“The chance that we have with a significant size is to be able to offer our clients regional appellations as well as village wines in sufficient quantities while being able to market them everywhere,” says Gagey. “Of course, our challenge is to ensure authenticity with a precise character and a high quality for all these wines produced in larger volumes. This obliges us to be very careful, to have a team that goes into the vineyards, works with the winemakers who supply us with their grapes and of course, to vinify to the maximum to respect the identity of each of the wines we produce.”
To that end, Jadot has its own vine nursery and doesn’t use herbicides in the vineyards. There’s only one way to really showcase these careful steps.
“We try to avoid at all costs producing wines that have a house style, because we think that Burgundy is great when each terroir can express itself,” says Gagey.
Fast Changes at Maison Albert Bichot
Maison Albert Bichot, founded in 1831, is the only négociant-éleveur with an organic certification, bestowed in 2014.
The business owns 395 acres across 51 appellations and buys grapes from another 865 acres, which amounts to production of three million bottles per year. Albéric Bichot, whose grandfather first exported to the U.S., represents the sixth generation to run this family-owned business. He says that the house used to buy wines, rather than grapes.
“Things have really changed since the early 2000s,” he says. “We decided to move to a winemaking-négociant model to have better control of supplies and better ability in terms of style.”
Under the family umbrella, the wines are named after individual estates across the region.
“Domaine Long-Depaquit in Chablis, Domaine du Clos Frantin in Nuits-Saint-Georges, Domaine du Pavillon in Pommard and Cuvérie Colbert in Beaune [which is the only one just under the Bichot name],” he says. “We have a dedicated winemaker and team in each winery.”
Bichot has a fitting formula to describe the house’s signature style.
“Origin plus freshness plus drinkability plus elegant structure plus energy equals Albert Bichot,” he says. “It is a great richness to be able to vinify such a diversity of appellations all over Burgundy and to discover new secrets of specific terroirs year after year. In vinification, thanks to our faithful grape suppliers, we learn a lot from them, too.”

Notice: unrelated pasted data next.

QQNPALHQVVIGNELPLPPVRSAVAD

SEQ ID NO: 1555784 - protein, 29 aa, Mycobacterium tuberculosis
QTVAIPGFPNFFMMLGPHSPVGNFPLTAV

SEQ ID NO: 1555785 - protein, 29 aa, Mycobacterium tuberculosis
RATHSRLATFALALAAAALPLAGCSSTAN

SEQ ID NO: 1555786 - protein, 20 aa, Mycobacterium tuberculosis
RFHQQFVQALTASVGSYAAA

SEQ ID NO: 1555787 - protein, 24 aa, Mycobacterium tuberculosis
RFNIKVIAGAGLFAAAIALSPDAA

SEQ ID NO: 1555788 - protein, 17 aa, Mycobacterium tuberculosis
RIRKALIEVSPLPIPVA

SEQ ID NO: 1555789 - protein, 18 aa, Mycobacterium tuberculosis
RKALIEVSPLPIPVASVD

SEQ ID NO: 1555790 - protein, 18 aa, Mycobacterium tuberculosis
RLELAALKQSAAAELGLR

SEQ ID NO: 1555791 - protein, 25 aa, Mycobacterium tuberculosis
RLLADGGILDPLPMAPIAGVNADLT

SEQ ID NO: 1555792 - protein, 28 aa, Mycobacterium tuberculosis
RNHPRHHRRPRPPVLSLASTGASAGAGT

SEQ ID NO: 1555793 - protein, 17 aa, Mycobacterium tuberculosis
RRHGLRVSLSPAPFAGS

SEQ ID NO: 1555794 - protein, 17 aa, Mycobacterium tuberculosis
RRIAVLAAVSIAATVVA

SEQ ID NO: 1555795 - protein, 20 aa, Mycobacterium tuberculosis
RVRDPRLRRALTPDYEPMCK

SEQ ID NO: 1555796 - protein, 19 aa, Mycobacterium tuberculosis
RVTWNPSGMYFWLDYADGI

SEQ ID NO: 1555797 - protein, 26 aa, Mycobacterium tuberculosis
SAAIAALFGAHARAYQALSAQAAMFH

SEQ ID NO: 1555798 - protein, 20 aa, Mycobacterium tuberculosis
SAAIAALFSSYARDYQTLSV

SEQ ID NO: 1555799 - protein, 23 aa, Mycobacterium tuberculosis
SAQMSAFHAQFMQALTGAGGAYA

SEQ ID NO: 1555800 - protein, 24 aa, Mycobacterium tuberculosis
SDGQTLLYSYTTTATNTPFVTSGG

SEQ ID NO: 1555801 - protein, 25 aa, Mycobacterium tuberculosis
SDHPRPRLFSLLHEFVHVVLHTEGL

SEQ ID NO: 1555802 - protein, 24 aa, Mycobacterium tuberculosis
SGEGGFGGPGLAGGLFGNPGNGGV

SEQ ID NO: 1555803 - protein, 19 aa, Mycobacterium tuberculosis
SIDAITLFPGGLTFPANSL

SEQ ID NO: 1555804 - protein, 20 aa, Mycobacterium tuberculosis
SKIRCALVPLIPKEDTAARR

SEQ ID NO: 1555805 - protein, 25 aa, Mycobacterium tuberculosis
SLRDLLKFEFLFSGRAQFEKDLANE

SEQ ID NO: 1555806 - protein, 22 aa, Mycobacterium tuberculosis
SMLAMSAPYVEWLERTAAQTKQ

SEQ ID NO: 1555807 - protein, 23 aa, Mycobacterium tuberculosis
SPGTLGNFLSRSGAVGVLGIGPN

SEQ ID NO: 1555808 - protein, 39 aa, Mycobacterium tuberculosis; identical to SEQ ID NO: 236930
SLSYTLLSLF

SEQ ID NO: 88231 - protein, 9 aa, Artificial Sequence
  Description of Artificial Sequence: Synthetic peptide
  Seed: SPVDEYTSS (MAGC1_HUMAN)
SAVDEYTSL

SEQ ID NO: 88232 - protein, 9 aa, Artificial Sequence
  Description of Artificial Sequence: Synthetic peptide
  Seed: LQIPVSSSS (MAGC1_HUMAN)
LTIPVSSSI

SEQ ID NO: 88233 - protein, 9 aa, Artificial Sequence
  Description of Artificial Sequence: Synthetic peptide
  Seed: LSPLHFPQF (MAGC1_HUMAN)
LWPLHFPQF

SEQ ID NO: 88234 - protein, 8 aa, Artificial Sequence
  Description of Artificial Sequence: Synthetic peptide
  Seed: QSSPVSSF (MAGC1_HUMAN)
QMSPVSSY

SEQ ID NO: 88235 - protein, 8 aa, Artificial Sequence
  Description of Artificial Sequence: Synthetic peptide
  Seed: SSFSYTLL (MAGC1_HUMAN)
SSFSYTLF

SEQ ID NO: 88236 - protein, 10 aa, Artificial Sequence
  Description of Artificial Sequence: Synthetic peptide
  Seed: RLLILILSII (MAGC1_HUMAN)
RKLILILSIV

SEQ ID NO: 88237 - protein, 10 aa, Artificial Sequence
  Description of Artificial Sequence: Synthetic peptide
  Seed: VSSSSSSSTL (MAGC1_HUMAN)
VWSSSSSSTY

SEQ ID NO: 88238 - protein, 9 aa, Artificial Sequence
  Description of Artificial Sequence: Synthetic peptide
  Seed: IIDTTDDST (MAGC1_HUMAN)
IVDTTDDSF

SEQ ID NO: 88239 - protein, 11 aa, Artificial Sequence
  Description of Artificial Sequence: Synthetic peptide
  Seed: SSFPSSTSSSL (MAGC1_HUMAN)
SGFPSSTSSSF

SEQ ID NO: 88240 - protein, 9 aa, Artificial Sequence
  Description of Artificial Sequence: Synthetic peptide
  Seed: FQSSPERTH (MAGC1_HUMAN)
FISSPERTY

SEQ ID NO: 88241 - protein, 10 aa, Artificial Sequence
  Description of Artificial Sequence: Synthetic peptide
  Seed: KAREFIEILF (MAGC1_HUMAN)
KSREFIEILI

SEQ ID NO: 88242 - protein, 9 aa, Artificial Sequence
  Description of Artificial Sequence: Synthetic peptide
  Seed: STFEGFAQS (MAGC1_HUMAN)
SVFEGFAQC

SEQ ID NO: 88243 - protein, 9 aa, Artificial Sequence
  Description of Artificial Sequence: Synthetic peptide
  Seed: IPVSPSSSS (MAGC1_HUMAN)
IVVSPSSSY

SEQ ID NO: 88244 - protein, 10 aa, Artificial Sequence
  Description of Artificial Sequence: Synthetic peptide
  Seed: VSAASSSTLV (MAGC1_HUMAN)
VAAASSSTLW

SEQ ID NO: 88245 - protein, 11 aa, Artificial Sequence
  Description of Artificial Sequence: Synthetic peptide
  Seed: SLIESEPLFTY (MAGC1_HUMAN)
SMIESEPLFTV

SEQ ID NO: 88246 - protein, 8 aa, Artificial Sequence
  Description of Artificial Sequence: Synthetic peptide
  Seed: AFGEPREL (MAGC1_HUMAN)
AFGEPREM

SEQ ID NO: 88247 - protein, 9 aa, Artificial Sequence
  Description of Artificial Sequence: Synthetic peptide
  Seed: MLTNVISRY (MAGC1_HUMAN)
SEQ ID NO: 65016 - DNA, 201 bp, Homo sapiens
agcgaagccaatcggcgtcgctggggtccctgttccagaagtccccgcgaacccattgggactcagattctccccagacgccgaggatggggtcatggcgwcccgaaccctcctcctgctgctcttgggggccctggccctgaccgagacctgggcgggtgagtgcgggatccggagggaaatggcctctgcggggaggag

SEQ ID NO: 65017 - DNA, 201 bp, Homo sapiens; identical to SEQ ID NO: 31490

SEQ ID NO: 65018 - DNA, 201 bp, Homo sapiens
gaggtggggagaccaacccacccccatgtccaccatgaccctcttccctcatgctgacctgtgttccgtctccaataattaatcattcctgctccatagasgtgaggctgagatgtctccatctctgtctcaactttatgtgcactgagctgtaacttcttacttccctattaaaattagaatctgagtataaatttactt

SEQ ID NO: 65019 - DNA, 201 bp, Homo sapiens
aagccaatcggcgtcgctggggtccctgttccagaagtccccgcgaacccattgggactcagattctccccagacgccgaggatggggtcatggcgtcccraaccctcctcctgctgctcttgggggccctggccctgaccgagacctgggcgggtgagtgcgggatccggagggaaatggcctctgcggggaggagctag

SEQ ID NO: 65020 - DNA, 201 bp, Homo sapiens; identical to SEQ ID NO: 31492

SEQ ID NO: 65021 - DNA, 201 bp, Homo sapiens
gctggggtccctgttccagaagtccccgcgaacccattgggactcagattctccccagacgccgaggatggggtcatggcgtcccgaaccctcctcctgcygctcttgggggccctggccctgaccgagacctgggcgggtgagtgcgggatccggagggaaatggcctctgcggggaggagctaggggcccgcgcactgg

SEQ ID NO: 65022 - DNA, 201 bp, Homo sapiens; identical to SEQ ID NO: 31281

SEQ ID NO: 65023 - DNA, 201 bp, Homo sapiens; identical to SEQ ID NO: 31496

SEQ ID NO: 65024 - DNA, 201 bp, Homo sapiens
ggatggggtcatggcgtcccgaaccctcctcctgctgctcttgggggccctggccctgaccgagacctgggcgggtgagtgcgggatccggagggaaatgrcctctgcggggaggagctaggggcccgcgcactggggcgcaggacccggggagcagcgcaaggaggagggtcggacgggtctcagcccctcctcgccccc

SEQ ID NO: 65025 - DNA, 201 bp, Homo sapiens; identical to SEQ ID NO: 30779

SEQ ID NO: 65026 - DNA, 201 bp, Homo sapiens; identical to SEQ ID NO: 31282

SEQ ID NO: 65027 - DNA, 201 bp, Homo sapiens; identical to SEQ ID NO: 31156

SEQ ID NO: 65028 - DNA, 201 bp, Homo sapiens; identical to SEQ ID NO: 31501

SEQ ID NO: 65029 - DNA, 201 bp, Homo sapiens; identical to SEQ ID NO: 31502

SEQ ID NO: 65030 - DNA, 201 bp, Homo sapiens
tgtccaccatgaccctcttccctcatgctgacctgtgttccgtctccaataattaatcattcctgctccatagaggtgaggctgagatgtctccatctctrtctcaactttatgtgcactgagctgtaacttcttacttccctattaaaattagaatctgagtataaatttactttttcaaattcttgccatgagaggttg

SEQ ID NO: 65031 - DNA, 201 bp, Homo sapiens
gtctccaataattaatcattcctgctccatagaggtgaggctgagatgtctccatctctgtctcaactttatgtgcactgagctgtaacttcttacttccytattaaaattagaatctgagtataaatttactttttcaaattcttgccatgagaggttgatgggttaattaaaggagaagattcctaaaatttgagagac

‘No Rule’ for Bouchard Père & Fils
Gilles de Larouzière, chairman of Maisons & Domaines Henriot, says that this conglomerate “brings together four houses that are emblematic of their regions.” They are Bouchard Père & Fils, founded in the Côte d’Or in 1731, William Fèvre in Chablis, Champagne Henriot and Beaux Frères in Oregon.
“Each embodies the values and culture transmitted in the family,” he says. “Bouchard Père & Fils takes care of 321 acres of precious vines planted on 100 different climats, or plots, across 142 parcels. Of course, you need a great deal of knowledge and experience to take care of such a puzzle.”
Bouchard has owned vineyards since 1775. Two-thirds of its holdings are premiers and grands crus, which is rather unusual. It buys grapes from another 321 acres and produce 2.3 million bottles a year.
“We are driven by terroirs more than by a house style,” says de Larouzière. “Each climat is unique. Each wine is an individual, almost a living creature, with its own identity, character and behavior. Listening and observing take priority over action. The oenologist is a cellar master, not a winemaker.”
He quotes cellar master Frédéric Weber, who says “the rule is that there is no rule.”
De Larouzière emphasizes the perspective created by “roots that delve deep into the past and a plan which looks far into the future. The character of a custodian is needed, rather than that of an owner.”
To that end, the vineyards are in conversion to organic viticulture.
“By 2024, the 321 acres of the domaine will be certified organic.”